Though we are in Jamaica, we are not really on “island time.” So far, our days have been packed with activities, from snorkeling to listening to lectures and, for myself and three other students, taking SCUBA training. Though it is busy there has not been a dull moment so far. I have seen amazing things snorkeling, like a lionfish, an invasive species that Dr. Dayne Buddo, the DBML chief scientific officer and our dive instructor, has spent much of his career focusing on. Mangrove root habitats, patch reefs, and even “the blue hole,” a deep lagoon in the middle of the back reef, are all environments we can access right behind our dorm rooms. Today, I spent much of my time in a beautiful pool working on my confined dives for SCUBA training. Among other things, we worked on recovering our breathing regulator after it falls out of our mouth, putting on and clearing our masks after they have filled up with water, and learning how to become neutrally buoyant in the water (which looks a lot easier than it is.) So far, I am having a great time on this trip and look forward to more to come.
A pool with a view.
Day two was a big learning day for us down here in sunny Jamaica. Joe kicked off the afternoon with a short quiz and an interesting lecture on coral bio. Once we wrapped up the lecture we put on our gear, grabbed our cameras and hit the reef for some hands on work in the field. Today’s snorkel mission was to identify as many organisms as possible, work on learning their scientific names and bring some specimens back to the wet lab for further examination. The professors made it a point to pop their heads up every so often and explain what exactly we were looking at. Brad even picked up a Donkey Dung Sea Cucumber (Holothuria Mexicana) and passed it around.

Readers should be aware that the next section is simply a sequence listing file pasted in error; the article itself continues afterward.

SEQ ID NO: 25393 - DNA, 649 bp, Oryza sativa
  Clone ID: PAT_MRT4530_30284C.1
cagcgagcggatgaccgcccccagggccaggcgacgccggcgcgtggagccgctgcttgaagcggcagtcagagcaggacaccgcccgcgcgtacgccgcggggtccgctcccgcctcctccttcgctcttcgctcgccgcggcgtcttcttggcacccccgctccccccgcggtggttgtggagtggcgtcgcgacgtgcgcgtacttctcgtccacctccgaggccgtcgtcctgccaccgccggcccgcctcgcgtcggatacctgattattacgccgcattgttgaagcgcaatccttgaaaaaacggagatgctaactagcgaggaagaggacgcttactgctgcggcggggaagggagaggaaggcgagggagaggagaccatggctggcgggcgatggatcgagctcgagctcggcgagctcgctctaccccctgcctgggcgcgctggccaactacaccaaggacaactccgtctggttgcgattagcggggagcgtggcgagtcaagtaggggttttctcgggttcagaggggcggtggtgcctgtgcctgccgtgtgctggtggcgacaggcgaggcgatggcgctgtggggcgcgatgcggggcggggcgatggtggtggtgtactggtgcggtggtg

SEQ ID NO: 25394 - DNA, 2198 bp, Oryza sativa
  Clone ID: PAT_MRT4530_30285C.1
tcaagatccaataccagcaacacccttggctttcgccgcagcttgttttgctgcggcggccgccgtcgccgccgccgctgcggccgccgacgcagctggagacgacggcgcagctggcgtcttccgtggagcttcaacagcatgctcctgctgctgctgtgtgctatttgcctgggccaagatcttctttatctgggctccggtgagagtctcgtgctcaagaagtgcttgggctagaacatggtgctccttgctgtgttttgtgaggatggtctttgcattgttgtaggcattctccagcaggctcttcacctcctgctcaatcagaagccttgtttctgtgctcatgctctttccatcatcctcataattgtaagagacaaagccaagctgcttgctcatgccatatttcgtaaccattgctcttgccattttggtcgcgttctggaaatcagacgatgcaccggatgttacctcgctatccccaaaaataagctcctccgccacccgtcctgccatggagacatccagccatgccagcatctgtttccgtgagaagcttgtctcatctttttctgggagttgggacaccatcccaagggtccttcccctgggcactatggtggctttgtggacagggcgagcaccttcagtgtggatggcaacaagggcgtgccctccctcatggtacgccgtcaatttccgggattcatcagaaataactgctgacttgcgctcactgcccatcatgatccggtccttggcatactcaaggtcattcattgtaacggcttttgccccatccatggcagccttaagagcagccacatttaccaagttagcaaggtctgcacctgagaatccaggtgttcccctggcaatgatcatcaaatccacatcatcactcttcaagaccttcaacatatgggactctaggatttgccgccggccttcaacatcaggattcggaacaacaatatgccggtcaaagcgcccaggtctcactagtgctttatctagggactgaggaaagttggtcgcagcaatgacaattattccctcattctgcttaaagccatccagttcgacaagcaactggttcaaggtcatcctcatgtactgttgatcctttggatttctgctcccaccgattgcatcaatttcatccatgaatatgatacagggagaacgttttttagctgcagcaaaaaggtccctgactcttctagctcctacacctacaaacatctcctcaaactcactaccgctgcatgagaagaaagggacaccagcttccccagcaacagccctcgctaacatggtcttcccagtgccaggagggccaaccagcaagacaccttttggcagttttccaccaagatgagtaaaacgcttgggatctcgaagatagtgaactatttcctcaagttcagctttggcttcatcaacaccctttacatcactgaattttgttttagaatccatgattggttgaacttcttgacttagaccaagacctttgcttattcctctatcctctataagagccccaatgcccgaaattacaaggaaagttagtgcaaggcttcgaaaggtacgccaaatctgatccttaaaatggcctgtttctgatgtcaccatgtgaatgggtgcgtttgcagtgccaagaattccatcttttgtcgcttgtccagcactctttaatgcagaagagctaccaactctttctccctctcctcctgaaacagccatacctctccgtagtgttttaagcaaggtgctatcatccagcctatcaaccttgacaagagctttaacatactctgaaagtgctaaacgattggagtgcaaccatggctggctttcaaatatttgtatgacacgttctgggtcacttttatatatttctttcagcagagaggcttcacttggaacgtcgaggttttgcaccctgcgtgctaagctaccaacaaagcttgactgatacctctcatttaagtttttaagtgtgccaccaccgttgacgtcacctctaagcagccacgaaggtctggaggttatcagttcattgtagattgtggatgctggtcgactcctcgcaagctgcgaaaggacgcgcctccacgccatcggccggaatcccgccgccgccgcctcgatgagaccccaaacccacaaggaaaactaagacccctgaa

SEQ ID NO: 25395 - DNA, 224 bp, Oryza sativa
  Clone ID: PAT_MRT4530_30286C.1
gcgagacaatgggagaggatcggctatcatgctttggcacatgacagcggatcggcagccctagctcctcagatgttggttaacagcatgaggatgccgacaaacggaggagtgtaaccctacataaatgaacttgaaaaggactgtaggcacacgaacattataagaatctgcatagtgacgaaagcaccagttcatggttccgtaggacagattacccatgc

Sea cucumber hot potato
After snorkeling Brad put things into perspective for us with a lecture on the overview of ecological thought. Dinner was next and the trend of fantastic dinners continued. After dinner we made our way to the wet lab for some more sea grass scraping and to ID some of the peculiar specimens we collected, like this West Indian Sea Egg Urchin (Tripneustes ventricosus) and Banded-Arm Brittle Star (Ophioderma appressum).
TO BE CONTINUED……………………. – Stathi
[Ed: apologies for the delay in blog posts, we lost internet access here over the weekend]
Hey there! It is day two here in Jamaica for us, and acclimating has been easy. The weather has been beautifully warm, but there has been an occasional shower, which is also commonly referred to as “sky juice” here, which is pretty cool!
The other night, right after our lecture we headed into the wet lab- started some awesome experimental work, which requires scrapping a bunch of sea grass and then attaching it to rope. For this transplant experiment, we are taking grass from this side of the bay: where the grass is nutritionally richer, and taking grass from the opposite side of the bay: where the grass isn’t as rich, and placing it on the other side to see if the herbivores are willing to take the risk for food that tastes better. By doing this, we are able to then assess and see if the reward is worth the risk. This experiment has been really helpful by giving me clarity on which research project I choose to do.
The following day, the DITs (Divers in Training) were preparing by getting their scuba gear in order, and going for their first practice dive! Afterwards, we did some more work in the wet- lab for the transplant experiment and then went for a night snorkel to help us gather some algae and invertebrates to help us with our identification task.
So far the amount of work with lectures and labs combined have been both extremely informative, and exciting! We’ve been doing a lot of hands on work, while enjoying our time in Jamaica!
Us night snorkeling. We saw amazing creatures!
Working in the wet lab